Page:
Culture, Growth, Startup

Byron Darlison, Rise Vision Founder & CEO, on Growth and Culture

Our spotlight entrepreneur today is Byron Darlison, the founder and CEO of Rise Vision.
 
Founded in 1992, Rise Vision is a bootstrapped company that delivers software that powers the digital signage and monitors in over 9,000 organizations worldwide, including Chicago Public Schools, Marriott, the University of Delaware, Bic, and many, many others.
Byron is one of the most thoughtful and meticulous business leaders that I have come across. He has never raised VC or private equity financing, only debt, and has bootstrapped a growing business with strong profitability.
 
Despite or perhaps because of that growth to profitability profile, Rise Vision has demonstrated the focus we like to see in strong, sustainable companies:
Byron is a big proponent of developing clear systems and processes for his company and team, which have been remote way before COVID came about.
 
Many thanks to Byron for taking the time to share his experiences and learnings with us all, and I hope you find some good learnings you can apply to your startup or scaleup business!
 
Key Takeaways
  • Company culture will happen by accident, whether you intend it or not.
  • Holding everyone to account for values, irrespective of role, is what builds a strong culture.
  • “I got this” may be helpful but is not an effective way of scaling a company
  • An entrepreneurial operating system can be an effective way to keep everyone oriented around common goals, and accountable for achieving them
  • When you have a strong culture and values, employees will self-select based on whether or not they fit.
 
 
Recap
  • Began building software for Reuters to power LED screens on trading floors.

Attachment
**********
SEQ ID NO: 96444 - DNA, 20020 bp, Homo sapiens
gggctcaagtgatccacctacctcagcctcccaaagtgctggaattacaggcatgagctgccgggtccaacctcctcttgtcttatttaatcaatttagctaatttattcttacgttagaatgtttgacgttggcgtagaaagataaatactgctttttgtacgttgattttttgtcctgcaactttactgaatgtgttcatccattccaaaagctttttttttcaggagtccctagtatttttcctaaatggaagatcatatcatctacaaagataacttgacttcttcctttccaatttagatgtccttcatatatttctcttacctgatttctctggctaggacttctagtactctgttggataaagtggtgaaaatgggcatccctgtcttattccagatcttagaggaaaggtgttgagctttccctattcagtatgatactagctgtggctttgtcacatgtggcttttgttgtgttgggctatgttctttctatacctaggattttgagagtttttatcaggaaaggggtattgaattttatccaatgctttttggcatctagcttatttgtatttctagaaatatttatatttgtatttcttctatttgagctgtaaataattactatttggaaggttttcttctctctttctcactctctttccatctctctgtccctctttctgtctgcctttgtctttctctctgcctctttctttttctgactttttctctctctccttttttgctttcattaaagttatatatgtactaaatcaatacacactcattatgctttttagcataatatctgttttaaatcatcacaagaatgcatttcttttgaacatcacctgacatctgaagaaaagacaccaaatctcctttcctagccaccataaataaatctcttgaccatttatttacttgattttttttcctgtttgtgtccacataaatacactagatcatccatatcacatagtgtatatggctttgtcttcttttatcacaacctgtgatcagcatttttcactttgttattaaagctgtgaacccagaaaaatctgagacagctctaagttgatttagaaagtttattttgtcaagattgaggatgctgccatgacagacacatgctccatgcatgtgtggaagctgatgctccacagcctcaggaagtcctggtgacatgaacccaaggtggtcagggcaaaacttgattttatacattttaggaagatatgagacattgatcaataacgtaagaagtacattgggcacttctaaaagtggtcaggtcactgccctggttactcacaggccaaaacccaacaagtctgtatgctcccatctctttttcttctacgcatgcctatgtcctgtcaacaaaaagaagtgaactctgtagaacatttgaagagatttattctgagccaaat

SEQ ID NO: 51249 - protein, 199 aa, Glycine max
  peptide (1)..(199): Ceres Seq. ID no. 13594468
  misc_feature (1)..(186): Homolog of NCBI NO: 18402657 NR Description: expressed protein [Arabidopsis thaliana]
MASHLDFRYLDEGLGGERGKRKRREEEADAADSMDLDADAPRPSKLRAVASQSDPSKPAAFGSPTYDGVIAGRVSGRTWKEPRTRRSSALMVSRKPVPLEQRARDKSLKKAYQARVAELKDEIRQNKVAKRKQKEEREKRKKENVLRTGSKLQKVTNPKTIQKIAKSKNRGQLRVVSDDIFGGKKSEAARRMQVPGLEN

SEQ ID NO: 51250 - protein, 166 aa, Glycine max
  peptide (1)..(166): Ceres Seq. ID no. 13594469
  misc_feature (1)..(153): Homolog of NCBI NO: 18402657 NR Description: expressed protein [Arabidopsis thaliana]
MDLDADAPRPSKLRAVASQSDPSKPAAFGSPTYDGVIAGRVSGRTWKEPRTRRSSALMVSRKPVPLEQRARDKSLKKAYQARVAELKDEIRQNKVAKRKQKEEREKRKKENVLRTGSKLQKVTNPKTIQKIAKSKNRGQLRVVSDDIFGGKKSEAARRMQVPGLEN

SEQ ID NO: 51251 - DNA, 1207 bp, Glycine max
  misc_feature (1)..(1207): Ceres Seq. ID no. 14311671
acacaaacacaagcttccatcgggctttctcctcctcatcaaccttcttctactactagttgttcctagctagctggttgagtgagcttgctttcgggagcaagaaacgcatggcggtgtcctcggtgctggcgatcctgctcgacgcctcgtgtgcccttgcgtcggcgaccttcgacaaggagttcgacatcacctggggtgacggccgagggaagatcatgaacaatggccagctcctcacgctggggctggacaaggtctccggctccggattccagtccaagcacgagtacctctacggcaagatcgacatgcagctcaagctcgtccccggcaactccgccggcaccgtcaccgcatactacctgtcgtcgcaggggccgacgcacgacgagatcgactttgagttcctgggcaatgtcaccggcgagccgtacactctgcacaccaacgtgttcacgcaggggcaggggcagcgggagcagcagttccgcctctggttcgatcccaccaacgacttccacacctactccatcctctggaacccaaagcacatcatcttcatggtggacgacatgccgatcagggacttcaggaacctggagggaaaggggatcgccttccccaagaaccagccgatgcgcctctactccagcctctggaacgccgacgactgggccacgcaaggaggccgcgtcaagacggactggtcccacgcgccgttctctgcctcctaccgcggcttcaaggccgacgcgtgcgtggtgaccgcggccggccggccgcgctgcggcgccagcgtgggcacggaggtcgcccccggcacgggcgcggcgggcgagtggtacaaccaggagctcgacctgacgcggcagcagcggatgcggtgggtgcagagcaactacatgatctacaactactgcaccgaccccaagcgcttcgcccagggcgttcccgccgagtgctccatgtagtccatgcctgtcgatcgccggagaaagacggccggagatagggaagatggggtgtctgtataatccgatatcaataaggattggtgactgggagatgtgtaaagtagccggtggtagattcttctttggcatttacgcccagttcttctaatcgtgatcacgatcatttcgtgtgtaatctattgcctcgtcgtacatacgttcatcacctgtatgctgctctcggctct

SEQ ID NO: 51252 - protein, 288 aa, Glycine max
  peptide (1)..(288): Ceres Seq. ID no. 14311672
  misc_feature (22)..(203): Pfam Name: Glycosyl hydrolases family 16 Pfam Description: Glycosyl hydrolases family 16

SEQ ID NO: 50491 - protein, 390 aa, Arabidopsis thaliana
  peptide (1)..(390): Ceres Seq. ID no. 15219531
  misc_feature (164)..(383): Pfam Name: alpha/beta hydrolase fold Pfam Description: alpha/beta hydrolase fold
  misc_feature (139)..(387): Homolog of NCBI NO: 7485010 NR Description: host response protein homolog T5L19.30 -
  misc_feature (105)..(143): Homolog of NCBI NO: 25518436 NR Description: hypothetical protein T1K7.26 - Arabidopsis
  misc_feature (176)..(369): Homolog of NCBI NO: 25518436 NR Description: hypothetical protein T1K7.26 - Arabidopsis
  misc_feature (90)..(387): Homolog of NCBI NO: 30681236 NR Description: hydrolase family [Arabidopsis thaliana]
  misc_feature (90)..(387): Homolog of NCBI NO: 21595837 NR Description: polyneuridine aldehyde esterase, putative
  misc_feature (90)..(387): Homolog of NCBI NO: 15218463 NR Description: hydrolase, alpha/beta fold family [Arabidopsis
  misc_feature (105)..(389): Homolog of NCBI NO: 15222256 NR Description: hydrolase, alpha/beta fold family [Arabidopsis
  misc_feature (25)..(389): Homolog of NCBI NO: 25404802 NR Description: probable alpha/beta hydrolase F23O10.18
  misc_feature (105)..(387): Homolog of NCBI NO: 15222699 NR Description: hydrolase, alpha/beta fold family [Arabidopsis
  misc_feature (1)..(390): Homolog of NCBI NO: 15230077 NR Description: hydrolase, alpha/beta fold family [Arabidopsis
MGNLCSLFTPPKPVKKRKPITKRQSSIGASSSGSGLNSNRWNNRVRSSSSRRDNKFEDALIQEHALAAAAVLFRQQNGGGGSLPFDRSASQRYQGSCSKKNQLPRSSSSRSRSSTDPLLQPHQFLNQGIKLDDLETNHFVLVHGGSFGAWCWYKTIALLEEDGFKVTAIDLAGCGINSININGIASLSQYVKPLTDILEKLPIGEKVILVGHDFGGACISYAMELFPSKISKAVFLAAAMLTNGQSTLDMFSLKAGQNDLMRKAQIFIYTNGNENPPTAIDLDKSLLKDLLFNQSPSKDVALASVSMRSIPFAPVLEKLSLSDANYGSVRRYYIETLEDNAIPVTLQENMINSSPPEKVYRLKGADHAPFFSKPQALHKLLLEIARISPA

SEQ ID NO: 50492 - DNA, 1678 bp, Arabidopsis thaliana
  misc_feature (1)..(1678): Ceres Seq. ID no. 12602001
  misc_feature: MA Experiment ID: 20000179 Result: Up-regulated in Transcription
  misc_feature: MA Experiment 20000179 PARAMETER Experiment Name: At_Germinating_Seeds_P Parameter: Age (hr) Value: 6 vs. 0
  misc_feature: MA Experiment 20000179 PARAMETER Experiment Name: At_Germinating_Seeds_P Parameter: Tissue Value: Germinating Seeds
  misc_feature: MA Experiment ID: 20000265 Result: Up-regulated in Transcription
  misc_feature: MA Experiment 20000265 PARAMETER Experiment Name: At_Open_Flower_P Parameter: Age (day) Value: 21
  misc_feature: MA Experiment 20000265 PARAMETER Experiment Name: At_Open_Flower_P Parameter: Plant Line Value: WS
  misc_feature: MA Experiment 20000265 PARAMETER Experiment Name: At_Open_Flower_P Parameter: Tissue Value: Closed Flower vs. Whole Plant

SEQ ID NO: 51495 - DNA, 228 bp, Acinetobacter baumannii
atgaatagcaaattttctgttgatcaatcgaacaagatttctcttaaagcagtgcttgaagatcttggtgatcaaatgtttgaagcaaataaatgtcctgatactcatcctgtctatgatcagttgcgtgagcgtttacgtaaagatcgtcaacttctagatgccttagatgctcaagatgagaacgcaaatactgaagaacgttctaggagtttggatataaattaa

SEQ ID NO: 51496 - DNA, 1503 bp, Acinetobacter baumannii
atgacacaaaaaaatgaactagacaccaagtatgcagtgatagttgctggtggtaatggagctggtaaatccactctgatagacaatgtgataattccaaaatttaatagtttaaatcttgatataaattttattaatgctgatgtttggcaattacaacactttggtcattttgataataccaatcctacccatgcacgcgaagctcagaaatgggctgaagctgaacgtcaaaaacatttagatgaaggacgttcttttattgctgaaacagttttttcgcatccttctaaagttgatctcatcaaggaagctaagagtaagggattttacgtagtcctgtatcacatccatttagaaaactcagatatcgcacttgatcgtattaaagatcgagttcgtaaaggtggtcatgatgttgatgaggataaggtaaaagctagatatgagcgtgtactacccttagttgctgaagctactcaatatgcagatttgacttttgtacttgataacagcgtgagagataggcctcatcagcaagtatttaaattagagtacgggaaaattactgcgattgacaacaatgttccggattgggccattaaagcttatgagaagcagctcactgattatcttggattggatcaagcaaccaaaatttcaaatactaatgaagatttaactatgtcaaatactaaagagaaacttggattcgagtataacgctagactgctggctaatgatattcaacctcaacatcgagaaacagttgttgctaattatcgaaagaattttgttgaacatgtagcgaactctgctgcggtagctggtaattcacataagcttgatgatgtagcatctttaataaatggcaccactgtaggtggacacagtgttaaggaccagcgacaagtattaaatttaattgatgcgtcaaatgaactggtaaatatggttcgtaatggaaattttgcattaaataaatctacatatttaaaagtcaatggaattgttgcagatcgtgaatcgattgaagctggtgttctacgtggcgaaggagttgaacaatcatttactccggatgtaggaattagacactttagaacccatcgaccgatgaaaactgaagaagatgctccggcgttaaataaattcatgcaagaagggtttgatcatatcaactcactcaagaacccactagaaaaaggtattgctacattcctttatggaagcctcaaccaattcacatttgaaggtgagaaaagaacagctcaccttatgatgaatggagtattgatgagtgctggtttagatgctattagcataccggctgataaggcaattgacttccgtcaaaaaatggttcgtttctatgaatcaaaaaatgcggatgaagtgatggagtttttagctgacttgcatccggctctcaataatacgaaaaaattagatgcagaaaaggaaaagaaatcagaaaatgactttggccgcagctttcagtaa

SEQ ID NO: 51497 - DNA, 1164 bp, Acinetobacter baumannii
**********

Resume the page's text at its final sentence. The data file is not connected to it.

• Moved on to banks and the retail space, beginning to be called digital signage at that point.
  • It was a series of accidents and opportunities that presented itself which enabled the company to grow to where it is now.
 
  • “A series of accidents.” Can’t orchestrate culture.
  • Have a clear description on where you’re going, what the expectations are, and what won’t be compromised, while considering values along the way.
  • Values are aspirational. Will fail at them but it’s everybody’s responsibility to hold each other to account. Everyone is accountable for adhering the values, regardless of role, and that’s what creates a culture that sticks.
 
  • Didn’t prioritize them for years, but with an average tenure of 10 years. Team has worked together so long that culture has become established.
  • Nobody was accountable but everyone helped each other out “I got this” was a commonly heard phrase. Ultimately, that approach only goes so far.
  • 3-4 years ago began looking at this topic, emphasized looking at how work was accomplished, defined what was of most importance.
 
  • Went fully remote 15 years ago, did not enjoy needing to be in a fixed location. Decided at that point anyone could work remotely, kept the office for those who wanted to continue using it. Saw that no one was using the office the following year, surrendered the space and committed to fully remote for everyone.
  • Doesn’t believe a mixed model works as it can be disruptive to one’s routine and communication channels. Fully remote has worked better, but need to have people for whom that fits.
  • Hire and work with people in the same timezone to ensure constant communication throughout the working day.
  • Pre-COVID, the company brought everyone together for off-site gatherings to create a better bond.